toribus Jena 1756. Klemm Culturgesch. 1 255—473. Prichard analy. sis of the Egyptian mythology? Lond. 1842. Gardiner Wilkinson, the Egyptians in the time of the Pharaohs 1857. manners and customs of the ancient Egyptians 1 ser.? 3 vols. 1842. 2 ser. 2 vols. and plates? 1841 (a new ed. by 8. Birch announced, as also a history of anc. Egypt by G. Rawlinson in 2 vols.). M. Uhlemann Handb. der aegypt. Alterthumskunde Leipz. 1857-8 4 vols. Varges de statu Aegypti provinciae rom. Gött. 1842. Zoega nummi aegypt. imperatorii Rome 1787 253 seq. See R. S. Poole in dict. Bible 'Egypt.' Tiele in theol. Tijdschrift Leiden 1878 xl 261–278 de dierendienst der Egyptenaars.

Marquardt iv 84—89. VM. 1 2 & 3 the senate commands the temples of Isis and Serapis to be demolished; no workmen daring to touch them L. Aemilius Paulus the consul (either 182 or 168 B.c.) lays the axe to the doors. Tert, apol. 6 the consuls Piso and Gabinius B.c. 58 overthrow the altars of Serapis and Isis and Arpocrates cum suo cynocephalo (Anubis). id. ad nat. i 10. Arn. 11 73. Serv. Aen. VIII 698 Varro dedignatur Alecandrinos deos Romae coli. DCass. XL 47 § 3 calls the decree of the senate B.C. 53 for the destruction of temple of Serapis and Isis a tépas. ib. XLII 26 § 2 B.C. 48 they were again destroyed in consequence of prodigies; ib. XLVII 15 § 4 B.C. 43 the triumvirs built the first temple of Isis for public worship, the first solemn state recognition of it. Cf. Luc. VIII 831—3,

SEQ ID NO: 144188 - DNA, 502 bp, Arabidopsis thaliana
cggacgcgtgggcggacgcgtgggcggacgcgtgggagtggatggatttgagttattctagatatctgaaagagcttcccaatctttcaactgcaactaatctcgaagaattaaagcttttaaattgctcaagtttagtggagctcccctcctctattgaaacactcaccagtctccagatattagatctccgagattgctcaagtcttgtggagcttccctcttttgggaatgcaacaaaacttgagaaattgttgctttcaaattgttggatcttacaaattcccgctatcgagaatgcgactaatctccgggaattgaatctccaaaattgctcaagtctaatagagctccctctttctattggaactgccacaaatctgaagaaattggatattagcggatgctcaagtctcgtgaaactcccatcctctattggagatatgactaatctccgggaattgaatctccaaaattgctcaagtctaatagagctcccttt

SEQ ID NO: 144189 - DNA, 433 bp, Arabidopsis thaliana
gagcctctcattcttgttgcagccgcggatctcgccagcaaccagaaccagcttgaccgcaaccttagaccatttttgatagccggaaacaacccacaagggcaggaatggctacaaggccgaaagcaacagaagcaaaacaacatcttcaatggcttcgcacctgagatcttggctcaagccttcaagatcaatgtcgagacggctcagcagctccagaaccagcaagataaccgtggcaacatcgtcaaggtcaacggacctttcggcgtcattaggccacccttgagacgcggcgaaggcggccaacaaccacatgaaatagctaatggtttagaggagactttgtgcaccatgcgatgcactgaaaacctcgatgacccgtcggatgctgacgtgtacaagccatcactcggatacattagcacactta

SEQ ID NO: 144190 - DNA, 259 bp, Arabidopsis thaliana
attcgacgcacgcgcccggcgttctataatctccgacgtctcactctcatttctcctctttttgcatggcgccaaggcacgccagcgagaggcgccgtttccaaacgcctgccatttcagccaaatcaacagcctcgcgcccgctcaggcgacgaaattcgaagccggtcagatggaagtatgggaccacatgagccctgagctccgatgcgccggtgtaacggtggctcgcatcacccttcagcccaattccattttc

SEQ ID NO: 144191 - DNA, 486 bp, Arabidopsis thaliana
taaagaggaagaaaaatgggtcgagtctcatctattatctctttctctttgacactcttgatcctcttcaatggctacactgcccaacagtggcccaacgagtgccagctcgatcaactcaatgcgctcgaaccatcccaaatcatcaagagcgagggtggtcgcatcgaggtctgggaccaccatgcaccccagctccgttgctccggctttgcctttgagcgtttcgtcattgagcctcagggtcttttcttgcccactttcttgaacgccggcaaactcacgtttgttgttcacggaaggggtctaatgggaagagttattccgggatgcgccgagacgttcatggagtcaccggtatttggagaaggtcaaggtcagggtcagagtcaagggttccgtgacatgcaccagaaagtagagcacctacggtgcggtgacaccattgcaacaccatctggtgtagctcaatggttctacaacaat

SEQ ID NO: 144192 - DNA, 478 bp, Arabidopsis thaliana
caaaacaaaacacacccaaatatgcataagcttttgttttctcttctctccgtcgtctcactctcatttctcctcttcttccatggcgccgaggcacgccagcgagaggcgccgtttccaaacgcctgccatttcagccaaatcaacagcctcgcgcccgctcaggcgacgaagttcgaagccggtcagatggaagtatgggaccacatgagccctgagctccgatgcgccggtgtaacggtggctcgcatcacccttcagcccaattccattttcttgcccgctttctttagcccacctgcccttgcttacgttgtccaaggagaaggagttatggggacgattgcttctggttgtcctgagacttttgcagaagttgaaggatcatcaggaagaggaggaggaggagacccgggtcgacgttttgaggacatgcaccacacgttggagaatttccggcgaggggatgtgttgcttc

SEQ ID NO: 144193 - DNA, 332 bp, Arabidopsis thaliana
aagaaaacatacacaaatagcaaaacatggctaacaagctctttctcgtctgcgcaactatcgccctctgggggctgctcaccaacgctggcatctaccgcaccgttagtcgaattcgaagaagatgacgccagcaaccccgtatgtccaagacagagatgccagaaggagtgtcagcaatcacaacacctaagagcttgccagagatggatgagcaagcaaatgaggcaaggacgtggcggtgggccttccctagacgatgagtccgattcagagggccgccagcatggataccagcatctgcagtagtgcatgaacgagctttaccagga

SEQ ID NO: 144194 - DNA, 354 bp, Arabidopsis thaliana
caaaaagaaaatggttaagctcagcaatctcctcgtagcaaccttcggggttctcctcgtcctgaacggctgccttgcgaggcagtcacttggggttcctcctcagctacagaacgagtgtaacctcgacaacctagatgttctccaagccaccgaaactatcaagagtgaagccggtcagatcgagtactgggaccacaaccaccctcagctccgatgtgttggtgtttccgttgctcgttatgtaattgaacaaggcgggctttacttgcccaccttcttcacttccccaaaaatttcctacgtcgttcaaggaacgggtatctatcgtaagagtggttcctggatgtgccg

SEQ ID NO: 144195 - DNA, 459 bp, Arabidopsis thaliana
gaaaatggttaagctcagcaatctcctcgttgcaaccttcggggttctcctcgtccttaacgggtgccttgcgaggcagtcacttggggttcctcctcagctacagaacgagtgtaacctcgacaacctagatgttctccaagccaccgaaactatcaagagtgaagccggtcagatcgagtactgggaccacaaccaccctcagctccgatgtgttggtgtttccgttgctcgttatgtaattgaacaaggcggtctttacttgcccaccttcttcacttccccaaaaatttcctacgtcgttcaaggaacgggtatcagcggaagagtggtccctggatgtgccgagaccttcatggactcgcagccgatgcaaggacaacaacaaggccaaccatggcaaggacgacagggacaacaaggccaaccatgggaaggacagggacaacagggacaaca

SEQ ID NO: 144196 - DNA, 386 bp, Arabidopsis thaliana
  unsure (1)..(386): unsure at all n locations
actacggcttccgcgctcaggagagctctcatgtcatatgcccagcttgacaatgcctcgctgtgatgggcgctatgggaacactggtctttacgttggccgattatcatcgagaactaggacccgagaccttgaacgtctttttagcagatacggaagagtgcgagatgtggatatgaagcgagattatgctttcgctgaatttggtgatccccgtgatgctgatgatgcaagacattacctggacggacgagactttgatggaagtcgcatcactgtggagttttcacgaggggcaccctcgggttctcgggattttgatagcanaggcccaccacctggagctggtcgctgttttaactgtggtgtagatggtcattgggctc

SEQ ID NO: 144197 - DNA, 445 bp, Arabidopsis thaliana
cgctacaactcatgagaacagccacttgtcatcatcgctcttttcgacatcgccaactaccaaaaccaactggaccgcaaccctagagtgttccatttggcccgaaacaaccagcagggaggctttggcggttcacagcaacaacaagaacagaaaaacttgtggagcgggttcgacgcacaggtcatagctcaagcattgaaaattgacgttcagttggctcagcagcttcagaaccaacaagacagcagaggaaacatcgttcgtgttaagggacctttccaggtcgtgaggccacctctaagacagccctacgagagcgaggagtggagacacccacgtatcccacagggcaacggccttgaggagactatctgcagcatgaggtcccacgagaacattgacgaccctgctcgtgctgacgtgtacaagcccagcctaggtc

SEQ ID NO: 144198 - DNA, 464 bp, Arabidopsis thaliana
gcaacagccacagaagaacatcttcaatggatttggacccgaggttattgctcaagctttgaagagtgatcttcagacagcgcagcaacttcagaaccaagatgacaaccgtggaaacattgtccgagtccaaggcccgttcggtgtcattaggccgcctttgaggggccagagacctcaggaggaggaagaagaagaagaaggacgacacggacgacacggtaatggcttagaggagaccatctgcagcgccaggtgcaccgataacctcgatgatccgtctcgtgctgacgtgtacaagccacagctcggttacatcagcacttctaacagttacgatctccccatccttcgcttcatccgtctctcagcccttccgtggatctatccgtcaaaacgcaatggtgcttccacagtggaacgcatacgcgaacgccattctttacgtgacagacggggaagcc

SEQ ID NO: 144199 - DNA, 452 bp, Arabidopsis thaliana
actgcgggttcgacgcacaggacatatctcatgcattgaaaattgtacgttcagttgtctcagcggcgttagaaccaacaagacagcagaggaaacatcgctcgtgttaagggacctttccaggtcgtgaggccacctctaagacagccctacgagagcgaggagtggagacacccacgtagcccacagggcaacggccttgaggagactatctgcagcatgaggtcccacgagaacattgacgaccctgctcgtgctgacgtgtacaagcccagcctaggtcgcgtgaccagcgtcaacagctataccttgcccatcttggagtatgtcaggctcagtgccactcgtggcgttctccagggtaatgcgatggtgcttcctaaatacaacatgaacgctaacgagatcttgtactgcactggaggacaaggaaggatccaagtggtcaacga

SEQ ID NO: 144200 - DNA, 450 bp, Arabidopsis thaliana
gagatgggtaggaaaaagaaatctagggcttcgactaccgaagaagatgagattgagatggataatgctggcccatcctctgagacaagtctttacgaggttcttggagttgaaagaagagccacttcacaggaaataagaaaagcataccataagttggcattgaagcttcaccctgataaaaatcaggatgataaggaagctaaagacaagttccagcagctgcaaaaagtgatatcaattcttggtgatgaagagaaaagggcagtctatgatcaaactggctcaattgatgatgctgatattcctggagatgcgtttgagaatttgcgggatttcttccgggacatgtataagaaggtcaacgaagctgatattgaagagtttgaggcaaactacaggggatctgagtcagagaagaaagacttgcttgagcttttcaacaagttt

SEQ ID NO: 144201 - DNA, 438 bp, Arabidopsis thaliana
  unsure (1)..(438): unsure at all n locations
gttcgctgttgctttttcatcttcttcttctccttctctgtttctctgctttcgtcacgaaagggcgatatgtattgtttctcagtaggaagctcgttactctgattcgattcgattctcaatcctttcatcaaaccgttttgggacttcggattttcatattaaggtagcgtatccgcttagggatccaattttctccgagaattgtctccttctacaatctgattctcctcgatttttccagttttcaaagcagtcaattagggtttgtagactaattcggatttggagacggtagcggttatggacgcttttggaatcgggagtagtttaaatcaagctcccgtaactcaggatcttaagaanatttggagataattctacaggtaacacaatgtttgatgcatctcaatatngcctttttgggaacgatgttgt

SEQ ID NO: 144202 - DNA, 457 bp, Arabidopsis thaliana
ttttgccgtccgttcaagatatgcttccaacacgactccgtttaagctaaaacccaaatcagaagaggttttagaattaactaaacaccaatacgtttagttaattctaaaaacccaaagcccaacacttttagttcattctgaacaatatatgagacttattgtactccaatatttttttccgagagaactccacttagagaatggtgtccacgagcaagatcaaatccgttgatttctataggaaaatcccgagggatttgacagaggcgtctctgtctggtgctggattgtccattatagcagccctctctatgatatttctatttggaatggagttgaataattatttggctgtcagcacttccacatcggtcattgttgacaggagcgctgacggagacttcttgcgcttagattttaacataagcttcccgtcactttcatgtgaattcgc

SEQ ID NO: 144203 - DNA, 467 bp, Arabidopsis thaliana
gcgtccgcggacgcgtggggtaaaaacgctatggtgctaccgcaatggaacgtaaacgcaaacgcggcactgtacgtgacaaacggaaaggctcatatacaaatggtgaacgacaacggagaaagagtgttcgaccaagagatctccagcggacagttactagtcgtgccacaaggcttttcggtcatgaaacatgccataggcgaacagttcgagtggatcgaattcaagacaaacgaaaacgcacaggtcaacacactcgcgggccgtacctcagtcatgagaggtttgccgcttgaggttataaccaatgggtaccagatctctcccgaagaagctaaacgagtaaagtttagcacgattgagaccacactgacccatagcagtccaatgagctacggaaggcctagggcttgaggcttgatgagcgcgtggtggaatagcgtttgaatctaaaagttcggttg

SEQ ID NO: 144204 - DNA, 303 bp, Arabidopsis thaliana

DCass. LIV 6 6 B.C. 21 of Augustus rá te lepà Alyúrtla ¿TTEOLÓUTA αύθις ες το άστυ ανέστειλεν, άπειπών μηδένα μηδ' εν τώ προαστεία αυτά εντός oyobov nulotaðlou ToLEîv. Tac. ann. II 85 A.D. 19 actum et de sacris Aegyptiis Iudaicisque pellendis. Sen. ep. 108 g 22 cited on xiv 98. Suet. Tib. 36 externas caerimonias, Aegyptios Iudaicosque ritus compescuit, coactis qui superstitione ea tenebantur religiosas vestes cum instrumento omni comburere. Ios. ant. XVIII 3 & 4 a Roman matron debauched in the temple of Isis by a lover disguised as Anubis. Tiberius crucified the priests, cast the statue into the Tiber, and overthrew the temple.

Of the emperors Otho, Domitian, Commodus, Caracalla, Alexander Severus, are known as devotees of Isis.

Plin. XXXIII § 41 iam vero et Harpocraten statuasque Aegyptiorum numinum in digitis viri quoque portare incipiunt.

Luc. x 17. 175—191 represents curiosity as a main motive for visiting Egypt (177–8 vulgique edissere mores I et ritus formasque deum).

The satire was rejected by G. I. Voss inst. poet. III 97 and D. Heins de sat. rom. 1 62. C. Kempf obss. Berl. 1843. Heinrich, who speaks doubtfully 11 22, acknowledges (498) that in detail, in the vividness of the painting, in wit and expression, it has entirely the character of Iuv. Kempf justly censures the redundance of 24–5. 33—4. 40. 47—8. 55. 95. 101. 129–30. 134–5. 151–2; and the menagery in 159—164; but this redundance appears everywhere in Iuv.

1-32 the Egyptians regard it as a sin to eat an onion or a leek, but feed without abhorrence on human flesh; of all marvellous stories told by Ulixes to the Phaeacians none are so strange as those of Cyclopes and Laestrygones, but, deeds of horror not less atrocious have been witnessed in Egypt, not in a fabulous antiquity, but in our own civilised days.

1 VOLUSI BITHYNICE one Bithynicus in Mart. Vi 50 5.

2 AEGYPTUS PORTENTA COLAT Cypr. quod idola di non sint 4 Aegyptia portenta, non numina. Cic. Tusc. v § 78 Aegyptiorum morem quis ignorat? quorum inbutae mentes pravitatis erroribus quam. vis carnificinam prius subierint, quam ibim aut aspidem aut faelem aut canem aut crocodilum violent, quorum etiamsi impru.